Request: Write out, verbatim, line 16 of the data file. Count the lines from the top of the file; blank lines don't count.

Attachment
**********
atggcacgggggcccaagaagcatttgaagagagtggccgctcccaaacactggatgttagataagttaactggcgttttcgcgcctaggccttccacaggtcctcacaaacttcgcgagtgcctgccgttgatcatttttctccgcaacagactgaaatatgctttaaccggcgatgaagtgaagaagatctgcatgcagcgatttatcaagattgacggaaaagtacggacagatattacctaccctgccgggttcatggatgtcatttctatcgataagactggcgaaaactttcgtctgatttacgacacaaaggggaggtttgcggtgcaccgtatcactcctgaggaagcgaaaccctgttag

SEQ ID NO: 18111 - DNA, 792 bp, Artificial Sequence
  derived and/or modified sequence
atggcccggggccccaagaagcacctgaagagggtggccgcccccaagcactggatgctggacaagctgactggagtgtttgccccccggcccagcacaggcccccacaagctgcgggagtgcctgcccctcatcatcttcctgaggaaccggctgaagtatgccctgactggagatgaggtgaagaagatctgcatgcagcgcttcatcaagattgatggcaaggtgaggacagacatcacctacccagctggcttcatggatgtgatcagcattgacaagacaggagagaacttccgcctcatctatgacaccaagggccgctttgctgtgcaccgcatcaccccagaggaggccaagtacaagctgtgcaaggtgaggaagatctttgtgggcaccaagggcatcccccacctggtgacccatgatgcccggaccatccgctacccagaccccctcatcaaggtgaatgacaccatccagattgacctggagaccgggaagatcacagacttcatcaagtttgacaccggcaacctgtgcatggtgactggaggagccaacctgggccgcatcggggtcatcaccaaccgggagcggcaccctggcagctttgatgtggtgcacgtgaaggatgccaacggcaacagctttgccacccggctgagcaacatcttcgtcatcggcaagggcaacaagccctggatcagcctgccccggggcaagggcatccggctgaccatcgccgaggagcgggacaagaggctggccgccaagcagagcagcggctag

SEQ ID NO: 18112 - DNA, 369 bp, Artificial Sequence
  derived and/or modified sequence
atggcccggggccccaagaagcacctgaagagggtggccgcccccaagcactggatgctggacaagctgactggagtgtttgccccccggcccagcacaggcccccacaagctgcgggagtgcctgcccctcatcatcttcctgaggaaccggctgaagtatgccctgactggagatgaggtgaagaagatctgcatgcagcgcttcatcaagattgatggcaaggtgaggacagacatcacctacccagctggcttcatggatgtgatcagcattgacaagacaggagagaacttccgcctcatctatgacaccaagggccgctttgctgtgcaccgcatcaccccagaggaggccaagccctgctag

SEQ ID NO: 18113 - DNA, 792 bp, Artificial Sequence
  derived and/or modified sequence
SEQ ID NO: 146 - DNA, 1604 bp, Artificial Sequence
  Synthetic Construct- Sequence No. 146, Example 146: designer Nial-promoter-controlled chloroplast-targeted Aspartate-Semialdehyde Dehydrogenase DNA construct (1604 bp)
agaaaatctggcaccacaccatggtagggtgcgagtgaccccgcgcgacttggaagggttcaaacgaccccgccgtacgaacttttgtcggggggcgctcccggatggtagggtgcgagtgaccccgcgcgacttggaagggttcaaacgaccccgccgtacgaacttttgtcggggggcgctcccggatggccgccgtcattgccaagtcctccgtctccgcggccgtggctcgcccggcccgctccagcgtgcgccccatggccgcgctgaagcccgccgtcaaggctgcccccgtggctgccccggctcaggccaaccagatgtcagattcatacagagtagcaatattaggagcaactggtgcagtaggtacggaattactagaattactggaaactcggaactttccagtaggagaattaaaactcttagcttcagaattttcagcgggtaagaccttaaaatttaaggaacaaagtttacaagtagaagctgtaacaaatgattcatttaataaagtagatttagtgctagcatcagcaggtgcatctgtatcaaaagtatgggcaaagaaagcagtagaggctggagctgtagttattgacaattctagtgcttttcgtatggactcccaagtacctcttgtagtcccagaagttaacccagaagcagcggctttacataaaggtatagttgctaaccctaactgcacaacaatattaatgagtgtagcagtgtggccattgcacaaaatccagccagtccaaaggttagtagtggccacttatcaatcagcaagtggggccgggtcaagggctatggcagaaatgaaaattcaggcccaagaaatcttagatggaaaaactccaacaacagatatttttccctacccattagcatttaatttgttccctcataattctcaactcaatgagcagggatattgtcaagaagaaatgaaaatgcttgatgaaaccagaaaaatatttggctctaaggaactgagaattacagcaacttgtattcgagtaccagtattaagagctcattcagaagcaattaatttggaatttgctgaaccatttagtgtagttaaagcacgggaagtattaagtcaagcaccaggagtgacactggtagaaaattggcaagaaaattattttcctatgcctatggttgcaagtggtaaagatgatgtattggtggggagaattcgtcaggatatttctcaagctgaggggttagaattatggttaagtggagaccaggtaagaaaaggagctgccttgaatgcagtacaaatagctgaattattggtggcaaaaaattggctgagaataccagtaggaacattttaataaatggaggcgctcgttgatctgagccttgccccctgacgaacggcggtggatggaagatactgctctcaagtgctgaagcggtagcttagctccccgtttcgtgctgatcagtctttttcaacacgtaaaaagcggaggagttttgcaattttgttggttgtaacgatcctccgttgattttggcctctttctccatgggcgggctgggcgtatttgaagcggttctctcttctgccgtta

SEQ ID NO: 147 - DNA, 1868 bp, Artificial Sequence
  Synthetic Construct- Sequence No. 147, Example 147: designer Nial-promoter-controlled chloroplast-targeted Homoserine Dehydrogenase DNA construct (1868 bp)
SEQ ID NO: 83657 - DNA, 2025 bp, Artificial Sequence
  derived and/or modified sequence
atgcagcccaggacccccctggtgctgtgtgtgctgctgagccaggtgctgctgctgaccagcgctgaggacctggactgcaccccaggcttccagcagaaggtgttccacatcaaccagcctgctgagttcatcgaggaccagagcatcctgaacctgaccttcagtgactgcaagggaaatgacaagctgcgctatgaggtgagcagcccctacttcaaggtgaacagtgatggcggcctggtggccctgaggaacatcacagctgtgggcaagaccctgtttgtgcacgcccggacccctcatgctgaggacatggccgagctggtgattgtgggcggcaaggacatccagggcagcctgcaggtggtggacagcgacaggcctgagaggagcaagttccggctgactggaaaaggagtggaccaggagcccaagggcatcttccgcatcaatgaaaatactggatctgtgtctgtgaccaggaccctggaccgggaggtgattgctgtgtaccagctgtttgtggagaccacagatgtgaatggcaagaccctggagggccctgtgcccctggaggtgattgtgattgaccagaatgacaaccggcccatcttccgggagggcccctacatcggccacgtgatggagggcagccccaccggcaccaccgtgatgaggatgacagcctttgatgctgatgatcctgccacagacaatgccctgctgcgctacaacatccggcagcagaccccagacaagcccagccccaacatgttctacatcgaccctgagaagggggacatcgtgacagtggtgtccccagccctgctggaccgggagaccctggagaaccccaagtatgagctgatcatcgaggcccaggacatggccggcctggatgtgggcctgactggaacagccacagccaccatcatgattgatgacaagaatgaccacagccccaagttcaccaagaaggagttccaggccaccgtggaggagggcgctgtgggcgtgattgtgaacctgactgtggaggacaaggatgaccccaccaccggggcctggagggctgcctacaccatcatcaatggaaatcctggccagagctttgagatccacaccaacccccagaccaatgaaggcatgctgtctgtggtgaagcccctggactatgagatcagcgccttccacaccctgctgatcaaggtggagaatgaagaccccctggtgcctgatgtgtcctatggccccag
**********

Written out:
  derived and/or modified sequence